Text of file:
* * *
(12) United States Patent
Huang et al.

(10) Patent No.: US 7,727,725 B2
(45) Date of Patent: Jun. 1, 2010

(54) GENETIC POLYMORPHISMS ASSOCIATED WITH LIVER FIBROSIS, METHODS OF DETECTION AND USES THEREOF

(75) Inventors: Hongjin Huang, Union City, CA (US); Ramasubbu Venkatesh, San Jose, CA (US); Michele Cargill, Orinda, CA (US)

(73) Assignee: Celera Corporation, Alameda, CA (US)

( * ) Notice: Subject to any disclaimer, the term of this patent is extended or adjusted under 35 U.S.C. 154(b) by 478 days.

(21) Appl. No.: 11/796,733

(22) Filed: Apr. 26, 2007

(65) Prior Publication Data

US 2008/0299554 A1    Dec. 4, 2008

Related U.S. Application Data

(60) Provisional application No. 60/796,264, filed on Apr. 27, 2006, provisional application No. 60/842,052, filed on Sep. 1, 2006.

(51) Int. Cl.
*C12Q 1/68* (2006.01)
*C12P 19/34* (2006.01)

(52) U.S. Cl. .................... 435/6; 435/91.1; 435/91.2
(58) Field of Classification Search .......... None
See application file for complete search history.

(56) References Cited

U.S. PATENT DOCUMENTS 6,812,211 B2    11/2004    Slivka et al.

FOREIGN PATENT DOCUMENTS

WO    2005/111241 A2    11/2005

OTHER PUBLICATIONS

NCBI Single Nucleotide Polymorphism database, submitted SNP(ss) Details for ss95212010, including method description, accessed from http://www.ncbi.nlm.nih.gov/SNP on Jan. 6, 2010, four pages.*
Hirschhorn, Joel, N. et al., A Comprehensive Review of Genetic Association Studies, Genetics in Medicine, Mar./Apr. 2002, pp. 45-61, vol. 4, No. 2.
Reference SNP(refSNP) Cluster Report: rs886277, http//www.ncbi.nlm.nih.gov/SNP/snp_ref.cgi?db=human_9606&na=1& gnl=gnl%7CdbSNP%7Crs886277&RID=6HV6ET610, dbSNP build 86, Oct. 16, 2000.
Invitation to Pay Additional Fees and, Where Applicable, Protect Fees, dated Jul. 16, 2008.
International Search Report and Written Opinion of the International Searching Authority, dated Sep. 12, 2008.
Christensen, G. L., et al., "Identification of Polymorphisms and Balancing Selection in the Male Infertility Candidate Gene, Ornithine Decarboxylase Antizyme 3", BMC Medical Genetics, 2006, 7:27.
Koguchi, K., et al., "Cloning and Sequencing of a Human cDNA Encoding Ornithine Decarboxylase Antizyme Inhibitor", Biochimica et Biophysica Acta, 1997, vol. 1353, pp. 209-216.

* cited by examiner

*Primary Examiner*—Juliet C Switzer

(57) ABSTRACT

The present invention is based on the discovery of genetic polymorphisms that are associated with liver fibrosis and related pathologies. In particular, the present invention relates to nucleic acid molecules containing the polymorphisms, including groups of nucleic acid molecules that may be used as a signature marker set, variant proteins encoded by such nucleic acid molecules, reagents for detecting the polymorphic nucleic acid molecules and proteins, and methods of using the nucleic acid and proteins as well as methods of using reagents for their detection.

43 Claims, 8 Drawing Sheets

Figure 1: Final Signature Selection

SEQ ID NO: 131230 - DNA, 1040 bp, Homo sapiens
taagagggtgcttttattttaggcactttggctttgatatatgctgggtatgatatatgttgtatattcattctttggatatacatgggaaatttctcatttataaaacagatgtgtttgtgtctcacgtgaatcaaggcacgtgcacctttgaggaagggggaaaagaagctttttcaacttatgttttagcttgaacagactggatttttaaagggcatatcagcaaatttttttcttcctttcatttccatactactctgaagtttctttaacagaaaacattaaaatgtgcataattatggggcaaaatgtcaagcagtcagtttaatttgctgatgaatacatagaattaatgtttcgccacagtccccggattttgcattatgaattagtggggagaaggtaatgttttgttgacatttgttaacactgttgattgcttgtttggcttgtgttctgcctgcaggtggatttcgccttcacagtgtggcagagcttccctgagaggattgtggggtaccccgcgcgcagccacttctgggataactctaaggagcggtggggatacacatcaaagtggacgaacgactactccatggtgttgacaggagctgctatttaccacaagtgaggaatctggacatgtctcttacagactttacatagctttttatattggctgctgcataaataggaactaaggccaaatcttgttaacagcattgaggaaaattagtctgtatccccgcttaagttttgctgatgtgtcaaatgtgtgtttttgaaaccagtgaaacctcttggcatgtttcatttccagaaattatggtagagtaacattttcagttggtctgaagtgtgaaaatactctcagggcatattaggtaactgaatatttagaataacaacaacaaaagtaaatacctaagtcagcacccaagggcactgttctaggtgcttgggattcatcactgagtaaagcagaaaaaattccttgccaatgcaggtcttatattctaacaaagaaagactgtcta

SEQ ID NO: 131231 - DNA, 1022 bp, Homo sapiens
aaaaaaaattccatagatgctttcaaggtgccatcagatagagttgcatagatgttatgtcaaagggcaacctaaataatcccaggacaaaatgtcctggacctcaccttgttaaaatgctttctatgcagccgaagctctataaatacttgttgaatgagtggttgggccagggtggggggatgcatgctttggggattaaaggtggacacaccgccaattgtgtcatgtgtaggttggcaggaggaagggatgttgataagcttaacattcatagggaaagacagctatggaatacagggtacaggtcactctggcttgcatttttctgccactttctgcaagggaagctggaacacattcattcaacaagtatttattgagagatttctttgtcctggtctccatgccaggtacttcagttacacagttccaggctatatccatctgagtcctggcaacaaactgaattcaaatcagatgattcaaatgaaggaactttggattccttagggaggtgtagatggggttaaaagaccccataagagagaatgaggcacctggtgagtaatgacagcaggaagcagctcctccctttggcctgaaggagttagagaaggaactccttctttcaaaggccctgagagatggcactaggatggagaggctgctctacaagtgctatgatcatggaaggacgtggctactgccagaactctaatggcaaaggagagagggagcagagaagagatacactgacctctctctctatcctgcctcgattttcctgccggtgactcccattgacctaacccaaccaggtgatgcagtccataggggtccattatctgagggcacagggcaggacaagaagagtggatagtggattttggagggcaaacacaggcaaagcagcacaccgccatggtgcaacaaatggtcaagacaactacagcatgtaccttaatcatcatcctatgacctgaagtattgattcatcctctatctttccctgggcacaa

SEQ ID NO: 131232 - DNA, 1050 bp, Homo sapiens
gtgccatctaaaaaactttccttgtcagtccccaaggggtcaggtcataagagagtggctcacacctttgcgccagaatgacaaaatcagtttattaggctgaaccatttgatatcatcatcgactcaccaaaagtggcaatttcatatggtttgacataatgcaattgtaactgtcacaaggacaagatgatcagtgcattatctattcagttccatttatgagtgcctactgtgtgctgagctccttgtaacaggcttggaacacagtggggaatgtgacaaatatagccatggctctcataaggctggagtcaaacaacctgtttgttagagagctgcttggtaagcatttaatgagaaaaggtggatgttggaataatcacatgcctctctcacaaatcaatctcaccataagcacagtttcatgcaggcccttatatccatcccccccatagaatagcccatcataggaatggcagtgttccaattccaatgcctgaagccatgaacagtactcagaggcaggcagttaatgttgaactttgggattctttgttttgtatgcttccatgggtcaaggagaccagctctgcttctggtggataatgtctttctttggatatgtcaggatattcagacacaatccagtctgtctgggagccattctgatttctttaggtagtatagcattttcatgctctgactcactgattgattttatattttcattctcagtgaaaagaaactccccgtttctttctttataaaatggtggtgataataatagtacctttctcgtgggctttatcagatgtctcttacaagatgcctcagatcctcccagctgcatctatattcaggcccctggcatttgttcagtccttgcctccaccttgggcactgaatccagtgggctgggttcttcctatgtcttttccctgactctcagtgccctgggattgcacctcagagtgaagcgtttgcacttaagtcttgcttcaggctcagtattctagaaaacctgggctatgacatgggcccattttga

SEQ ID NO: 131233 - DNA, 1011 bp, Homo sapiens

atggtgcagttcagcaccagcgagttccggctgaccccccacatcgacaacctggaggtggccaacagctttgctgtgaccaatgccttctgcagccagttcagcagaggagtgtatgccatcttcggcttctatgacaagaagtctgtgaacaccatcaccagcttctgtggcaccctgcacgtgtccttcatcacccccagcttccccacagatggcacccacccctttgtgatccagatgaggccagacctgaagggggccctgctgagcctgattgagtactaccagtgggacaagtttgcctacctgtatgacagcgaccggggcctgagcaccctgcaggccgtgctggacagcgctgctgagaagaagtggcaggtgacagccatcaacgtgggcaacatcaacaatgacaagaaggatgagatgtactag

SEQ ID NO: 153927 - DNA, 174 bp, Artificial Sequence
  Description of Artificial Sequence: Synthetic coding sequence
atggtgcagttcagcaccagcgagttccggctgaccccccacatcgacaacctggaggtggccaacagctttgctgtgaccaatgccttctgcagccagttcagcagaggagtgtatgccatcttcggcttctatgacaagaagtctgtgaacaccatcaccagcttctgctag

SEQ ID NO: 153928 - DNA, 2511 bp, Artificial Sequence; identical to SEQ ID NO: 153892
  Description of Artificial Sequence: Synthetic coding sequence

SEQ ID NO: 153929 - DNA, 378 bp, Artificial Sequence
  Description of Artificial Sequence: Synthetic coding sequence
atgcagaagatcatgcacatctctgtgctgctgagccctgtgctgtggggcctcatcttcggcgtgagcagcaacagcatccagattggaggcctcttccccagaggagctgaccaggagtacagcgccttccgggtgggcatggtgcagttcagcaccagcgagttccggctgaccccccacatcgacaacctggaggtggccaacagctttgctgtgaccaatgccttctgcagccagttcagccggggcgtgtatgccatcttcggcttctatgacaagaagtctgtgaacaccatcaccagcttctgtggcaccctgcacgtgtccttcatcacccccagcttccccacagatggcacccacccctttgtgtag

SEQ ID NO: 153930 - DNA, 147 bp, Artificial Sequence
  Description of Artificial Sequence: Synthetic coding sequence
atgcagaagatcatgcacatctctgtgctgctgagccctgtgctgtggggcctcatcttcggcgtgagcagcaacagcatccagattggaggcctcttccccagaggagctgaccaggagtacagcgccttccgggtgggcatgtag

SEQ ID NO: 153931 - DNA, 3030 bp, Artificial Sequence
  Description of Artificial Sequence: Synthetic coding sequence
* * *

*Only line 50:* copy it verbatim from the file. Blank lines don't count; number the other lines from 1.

SEQ ID NO: 153928 - DNA, 2511 bp, Artificial Sequence; identical to SEQ ID NO: 153892